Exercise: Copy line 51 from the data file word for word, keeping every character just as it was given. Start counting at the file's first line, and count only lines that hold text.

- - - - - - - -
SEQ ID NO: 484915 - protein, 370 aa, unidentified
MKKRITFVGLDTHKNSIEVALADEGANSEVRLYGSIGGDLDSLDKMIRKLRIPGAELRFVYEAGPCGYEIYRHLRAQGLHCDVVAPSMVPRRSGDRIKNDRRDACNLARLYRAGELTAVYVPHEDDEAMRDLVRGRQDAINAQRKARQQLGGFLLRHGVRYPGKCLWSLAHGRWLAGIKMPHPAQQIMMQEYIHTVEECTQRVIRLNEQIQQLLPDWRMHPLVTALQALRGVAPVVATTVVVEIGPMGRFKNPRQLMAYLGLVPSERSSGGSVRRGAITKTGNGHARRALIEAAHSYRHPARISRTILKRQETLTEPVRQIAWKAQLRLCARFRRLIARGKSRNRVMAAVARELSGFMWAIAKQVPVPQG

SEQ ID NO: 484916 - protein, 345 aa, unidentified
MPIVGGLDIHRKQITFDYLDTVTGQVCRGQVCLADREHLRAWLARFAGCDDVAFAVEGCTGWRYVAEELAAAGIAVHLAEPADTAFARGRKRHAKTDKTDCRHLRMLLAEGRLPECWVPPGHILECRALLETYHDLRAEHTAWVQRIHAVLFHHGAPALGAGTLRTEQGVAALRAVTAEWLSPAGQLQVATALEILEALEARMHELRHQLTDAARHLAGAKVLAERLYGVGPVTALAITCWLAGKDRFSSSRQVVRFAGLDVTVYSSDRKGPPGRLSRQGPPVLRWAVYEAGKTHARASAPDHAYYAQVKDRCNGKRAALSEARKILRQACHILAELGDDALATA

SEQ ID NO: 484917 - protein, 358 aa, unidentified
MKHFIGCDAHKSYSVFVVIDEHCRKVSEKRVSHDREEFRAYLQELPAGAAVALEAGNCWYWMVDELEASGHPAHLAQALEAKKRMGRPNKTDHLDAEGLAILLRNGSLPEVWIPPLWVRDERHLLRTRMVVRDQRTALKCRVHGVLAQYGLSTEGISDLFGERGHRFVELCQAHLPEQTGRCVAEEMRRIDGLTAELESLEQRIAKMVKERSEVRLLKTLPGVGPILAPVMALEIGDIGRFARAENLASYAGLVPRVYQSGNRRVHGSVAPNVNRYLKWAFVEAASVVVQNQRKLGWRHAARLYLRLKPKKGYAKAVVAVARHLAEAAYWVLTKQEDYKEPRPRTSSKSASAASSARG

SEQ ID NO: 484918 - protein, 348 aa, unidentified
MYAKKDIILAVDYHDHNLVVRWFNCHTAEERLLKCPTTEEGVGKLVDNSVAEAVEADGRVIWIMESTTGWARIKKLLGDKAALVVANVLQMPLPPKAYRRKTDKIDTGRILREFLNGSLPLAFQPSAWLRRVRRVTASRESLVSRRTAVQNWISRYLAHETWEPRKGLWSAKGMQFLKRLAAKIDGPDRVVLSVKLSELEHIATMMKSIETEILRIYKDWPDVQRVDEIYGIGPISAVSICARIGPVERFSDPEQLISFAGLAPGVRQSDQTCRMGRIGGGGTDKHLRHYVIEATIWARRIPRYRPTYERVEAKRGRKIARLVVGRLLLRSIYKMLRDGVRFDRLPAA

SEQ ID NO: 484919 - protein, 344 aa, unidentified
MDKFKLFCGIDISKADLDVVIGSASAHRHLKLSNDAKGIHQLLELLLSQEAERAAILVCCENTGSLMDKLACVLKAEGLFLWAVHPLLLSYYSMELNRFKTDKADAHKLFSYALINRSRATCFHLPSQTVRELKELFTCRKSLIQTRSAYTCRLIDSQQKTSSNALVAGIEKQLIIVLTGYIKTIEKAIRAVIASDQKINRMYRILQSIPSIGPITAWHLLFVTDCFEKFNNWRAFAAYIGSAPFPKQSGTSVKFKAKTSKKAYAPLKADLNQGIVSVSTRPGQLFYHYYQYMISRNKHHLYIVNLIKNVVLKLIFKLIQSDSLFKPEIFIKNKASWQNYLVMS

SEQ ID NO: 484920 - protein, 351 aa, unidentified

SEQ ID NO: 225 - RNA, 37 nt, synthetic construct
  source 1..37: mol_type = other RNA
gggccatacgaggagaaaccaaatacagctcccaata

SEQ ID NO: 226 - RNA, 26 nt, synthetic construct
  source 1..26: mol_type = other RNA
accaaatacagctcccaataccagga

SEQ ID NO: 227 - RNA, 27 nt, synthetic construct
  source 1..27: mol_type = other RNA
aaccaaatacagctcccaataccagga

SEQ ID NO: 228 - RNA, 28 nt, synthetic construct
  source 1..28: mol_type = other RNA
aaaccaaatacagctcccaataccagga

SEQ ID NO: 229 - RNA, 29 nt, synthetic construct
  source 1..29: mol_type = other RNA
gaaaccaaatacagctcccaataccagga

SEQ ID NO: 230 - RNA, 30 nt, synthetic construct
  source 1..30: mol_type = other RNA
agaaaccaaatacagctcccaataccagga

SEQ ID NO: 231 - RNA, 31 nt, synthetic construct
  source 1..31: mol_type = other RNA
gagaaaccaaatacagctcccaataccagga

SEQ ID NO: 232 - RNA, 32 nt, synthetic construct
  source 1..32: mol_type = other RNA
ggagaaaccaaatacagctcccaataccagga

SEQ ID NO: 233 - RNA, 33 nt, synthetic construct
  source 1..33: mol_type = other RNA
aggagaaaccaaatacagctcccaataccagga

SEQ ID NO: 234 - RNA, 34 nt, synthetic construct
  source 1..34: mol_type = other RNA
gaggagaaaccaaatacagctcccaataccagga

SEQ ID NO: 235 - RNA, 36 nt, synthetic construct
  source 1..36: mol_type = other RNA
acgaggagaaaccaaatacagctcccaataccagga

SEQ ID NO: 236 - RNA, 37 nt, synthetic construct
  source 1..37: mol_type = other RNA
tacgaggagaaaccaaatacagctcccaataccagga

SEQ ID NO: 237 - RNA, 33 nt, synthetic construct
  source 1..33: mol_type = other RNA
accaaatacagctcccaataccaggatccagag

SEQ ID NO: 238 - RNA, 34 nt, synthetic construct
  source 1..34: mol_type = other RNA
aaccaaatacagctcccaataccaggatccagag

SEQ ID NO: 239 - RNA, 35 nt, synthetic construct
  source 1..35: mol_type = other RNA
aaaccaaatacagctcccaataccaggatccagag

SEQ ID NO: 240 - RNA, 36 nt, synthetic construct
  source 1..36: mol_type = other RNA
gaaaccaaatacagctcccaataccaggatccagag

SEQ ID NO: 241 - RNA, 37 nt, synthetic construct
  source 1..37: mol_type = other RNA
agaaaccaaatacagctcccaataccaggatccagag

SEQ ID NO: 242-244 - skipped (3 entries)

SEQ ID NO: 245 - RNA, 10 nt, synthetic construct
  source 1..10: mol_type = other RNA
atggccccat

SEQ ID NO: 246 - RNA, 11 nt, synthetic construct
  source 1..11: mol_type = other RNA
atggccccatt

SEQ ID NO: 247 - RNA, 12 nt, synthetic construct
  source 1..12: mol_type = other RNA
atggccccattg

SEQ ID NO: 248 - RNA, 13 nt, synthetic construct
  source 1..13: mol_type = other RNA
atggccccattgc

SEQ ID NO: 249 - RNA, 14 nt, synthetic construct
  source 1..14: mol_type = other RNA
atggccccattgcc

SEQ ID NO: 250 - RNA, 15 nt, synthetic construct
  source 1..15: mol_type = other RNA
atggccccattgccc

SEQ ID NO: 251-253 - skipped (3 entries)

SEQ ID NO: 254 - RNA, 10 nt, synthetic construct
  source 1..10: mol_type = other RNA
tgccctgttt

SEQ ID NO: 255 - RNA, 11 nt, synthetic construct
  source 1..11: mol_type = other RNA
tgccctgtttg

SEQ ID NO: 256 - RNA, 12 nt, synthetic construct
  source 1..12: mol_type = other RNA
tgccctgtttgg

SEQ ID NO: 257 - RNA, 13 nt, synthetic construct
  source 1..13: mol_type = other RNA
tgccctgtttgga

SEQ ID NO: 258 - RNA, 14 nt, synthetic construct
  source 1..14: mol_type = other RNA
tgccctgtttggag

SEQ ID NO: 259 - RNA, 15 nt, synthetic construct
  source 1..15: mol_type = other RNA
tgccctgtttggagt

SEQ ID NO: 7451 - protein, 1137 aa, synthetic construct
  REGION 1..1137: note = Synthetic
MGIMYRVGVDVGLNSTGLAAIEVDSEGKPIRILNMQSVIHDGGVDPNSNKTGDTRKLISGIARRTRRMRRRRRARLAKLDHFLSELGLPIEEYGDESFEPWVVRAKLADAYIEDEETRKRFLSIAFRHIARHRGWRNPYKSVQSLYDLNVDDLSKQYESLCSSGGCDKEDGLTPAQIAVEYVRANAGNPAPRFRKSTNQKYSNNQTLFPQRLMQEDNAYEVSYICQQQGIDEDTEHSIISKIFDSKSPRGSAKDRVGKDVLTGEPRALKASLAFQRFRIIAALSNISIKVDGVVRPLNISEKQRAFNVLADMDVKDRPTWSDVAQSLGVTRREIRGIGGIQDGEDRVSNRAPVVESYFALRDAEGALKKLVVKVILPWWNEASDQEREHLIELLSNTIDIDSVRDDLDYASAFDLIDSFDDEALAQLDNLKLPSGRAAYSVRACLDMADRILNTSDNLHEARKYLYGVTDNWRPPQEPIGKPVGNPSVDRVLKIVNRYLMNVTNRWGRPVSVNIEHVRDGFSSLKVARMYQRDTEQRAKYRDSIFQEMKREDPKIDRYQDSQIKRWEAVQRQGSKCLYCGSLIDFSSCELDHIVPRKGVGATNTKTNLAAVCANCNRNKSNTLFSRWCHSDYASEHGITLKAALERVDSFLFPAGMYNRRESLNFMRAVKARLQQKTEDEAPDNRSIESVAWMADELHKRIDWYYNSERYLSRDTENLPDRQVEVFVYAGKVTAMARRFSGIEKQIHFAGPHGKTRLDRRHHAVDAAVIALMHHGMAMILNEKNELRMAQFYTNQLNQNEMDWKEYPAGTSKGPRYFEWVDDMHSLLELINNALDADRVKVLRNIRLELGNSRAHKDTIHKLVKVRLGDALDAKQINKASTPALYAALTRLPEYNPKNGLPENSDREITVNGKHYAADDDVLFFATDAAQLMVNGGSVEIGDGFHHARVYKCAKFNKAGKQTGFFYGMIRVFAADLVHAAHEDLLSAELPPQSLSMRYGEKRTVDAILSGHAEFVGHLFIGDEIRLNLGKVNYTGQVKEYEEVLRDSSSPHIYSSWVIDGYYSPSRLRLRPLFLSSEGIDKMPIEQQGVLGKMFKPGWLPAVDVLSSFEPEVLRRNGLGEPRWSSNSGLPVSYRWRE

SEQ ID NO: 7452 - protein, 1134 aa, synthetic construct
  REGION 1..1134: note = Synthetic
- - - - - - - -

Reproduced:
SEQ ID NO: 238 - RNA, 34 nt, synthetic construct